Around 7000 BCE, the indigenous peoples of Mexico and Central America hunted game and gathered plants, including wild chili peppers. Corn was not yet cultivated, so one main source of calories was roasted agave hearts. By 1200 BCE, corn was domesticated and a process called nixtamalization, or treatment with lye, was developed to soften corn for grinding and improve its nutritional value. This allowed the creation of tortillas and other kinds of flat breads. The indigenous peoples of Mesoamerica have numerous stories about the origin of corn, usually related to being a gift of one or more gods, such as Quetzalcoatl.
The other staple was beans, eaten with corn and some other plants as a complementary protein. Other protein sources included amaranth, domesticated turkey, insects such as grasshoppers, beetles and ant larvae, iguanas, and turtle eggs on the coastlines. Vegetables included squash and their seeds; chilacayote; jicama, a kind of sweet potato; and edible flowers, especially those of squash. The chile pepper was used as food, ritual and as medicine.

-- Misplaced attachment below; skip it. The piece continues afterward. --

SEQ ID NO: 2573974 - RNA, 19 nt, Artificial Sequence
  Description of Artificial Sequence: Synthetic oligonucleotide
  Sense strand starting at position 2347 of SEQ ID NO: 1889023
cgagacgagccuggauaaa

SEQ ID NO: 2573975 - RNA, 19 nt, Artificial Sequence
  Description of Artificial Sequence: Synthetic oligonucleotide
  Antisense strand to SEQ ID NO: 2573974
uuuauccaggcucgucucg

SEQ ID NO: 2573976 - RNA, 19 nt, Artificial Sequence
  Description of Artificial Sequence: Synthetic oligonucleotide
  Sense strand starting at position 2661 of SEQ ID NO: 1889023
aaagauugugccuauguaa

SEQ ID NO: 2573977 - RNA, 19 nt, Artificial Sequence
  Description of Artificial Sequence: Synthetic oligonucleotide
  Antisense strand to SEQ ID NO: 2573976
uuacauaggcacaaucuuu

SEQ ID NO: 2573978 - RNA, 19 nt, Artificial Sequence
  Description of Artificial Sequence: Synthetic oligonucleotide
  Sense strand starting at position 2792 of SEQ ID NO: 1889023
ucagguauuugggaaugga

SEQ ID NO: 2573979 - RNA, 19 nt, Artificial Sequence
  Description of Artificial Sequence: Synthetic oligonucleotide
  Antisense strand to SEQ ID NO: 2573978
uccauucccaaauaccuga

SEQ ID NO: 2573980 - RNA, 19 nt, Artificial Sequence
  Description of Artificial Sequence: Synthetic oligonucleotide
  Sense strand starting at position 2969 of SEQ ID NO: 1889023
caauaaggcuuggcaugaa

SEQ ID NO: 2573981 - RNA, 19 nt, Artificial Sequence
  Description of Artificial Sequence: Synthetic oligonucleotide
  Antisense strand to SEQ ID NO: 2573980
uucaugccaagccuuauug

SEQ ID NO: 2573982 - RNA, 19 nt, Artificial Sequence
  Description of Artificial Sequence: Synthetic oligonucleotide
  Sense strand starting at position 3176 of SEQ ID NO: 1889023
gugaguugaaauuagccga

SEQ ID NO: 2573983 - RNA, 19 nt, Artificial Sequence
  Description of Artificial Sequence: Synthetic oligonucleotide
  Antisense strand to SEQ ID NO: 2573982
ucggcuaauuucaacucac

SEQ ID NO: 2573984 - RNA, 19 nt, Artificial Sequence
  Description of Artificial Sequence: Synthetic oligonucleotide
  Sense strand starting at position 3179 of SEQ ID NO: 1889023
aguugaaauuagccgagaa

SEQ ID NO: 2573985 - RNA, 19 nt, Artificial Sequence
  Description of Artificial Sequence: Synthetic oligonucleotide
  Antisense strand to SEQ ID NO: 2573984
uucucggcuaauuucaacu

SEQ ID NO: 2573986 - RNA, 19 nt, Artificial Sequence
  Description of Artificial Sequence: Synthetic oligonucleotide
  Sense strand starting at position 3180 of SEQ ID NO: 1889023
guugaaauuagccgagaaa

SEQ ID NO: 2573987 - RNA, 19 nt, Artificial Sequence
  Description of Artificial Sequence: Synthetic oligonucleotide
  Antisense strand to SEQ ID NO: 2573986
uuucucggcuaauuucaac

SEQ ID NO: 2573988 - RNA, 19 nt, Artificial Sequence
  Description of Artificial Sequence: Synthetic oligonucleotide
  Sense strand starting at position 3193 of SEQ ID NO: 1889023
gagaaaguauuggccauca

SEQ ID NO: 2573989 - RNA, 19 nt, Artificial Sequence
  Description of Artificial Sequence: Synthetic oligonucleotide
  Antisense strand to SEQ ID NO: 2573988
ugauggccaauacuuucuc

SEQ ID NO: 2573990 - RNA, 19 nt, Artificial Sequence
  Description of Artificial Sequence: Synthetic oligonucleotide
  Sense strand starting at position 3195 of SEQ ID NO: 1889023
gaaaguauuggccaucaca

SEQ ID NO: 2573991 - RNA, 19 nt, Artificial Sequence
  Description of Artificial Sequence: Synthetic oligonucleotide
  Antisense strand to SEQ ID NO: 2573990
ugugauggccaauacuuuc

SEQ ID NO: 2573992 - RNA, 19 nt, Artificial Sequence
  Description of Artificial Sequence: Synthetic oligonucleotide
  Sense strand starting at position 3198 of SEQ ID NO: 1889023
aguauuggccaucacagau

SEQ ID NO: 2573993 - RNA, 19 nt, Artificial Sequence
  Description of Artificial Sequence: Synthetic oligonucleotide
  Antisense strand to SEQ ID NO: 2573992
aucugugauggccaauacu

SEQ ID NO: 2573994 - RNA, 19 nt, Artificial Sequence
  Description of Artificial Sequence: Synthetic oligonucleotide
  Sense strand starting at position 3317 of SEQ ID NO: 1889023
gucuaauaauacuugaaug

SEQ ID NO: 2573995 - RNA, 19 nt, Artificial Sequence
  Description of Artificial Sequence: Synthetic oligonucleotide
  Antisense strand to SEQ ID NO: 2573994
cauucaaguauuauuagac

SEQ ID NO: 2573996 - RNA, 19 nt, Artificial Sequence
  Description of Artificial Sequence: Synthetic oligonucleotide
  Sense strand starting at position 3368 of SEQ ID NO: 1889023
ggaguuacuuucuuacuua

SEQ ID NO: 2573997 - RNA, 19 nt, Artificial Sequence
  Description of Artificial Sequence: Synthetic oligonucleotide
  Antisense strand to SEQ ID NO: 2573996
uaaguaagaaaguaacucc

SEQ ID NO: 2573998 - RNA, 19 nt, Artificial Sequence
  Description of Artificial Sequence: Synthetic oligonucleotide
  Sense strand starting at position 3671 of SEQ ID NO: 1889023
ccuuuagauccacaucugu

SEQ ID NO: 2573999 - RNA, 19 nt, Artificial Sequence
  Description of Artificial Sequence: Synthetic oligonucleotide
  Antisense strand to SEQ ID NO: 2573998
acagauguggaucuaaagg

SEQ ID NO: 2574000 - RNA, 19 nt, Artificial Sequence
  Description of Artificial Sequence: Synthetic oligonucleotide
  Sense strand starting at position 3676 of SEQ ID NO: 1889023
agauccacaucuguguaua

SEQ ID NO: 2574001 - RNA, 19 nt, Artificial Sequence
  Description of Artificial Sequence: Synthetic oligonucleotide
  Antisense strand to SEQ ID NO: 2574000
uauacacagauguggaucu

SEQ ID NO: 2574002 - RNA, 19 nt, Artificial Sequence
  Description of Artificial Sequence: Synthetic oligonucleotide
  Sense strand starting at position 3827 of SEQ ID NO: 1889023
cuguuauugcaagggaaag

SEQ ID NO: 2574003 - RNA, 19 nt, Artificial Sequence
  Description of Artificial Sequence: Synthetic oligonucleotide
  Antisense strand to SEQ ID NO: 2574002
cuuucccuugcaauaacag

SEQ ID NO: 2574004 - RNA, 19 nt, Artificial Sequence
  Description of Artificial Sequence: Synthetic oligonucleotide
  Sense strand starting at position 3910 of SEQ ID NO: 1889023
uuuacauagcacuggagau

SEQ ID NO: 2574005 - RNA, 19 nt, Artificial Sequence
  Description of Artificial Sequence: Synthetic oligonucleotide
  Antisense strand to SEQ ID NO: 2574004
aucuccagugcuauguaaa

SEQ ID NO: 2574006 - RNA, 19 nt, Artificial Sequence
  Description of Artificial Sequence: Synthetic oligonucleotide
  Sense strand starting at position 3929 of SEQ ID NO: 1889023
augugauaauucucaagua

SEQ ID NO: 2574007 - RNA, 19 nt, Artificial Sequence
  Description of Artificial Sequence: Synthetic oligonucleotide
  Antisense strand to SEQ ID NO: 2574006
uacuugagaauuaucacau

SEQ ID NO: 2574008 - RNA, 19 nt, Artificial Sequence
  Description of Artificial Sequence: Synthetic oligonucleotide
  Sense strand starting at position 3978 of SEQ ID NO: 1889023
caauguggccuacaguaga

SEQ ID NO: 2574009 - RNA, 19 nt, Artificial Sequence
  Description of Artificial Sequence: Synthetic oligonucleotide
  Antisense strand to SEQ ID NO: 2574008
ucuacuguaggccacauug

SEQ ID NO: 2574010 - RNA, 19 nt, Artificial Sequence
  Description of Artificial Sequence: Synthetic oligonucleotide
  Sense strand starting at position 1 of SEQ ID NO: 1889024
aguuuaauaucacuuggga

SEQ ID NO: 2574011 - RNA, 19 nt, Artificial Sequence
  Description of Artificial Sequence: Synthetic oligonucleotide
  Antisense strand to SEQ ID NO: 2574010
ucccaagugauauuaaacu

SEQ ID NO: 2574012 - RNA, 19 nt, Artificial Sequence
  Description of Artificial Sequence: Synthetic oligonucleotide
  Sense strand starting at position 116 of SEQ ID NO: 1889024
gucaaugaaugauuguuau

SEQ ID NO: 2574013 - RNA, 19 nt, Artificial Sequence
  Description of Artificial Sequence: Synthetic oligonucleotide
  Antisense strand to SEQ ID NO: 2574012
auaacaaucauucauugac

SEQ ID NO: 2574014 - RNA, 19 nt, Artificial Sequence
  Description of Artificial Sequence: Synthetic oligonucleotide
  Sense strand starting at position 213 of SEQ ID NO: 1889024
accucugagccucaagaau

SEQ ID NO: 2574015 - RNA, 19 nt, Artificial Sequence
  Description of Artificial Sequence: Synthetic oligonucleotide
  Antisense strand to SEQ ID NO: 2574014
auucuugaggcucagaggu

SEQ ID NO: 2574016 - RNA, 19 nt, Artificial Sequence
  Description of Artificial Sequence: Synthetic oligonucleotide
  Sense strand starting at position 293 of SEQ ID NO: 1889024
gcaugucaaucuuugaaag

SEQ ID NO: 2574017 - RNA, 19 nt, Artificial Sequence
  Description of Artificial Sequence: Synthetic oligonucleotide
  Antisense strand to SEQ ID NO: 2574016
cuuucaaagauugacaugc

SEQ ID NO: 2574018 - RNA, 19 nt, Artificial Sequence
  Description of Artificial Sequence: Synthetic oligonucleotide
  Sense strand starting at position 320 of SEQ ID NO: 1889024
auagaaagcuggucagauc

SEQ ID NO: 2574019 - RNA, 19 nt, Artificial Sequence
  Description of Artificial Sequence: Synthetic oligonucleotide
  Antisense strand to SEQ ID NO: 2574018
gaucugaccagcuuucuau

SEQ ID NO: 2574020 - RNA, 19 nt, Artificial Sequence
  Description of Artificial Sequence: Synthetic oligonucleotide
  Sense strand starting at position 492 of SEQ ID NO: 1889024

When the Spanish arrived, the Aztecs had sophisticated agricultural techniques and an abundance of food, which was the base of their economy. It allowed them to expand an empire, bringing in tribute which consisted mostly of foods the Aztecs could not grow themselves. According to Bernardino de Sahagún, the Nahua peoples of central Mexico ate corn, beans, turkey, fish, small game, insects and a wide variety of fruits, vegetables, pulses, seeds, tubers, wild mushrooms, plants and herbs that they collected or cultivated.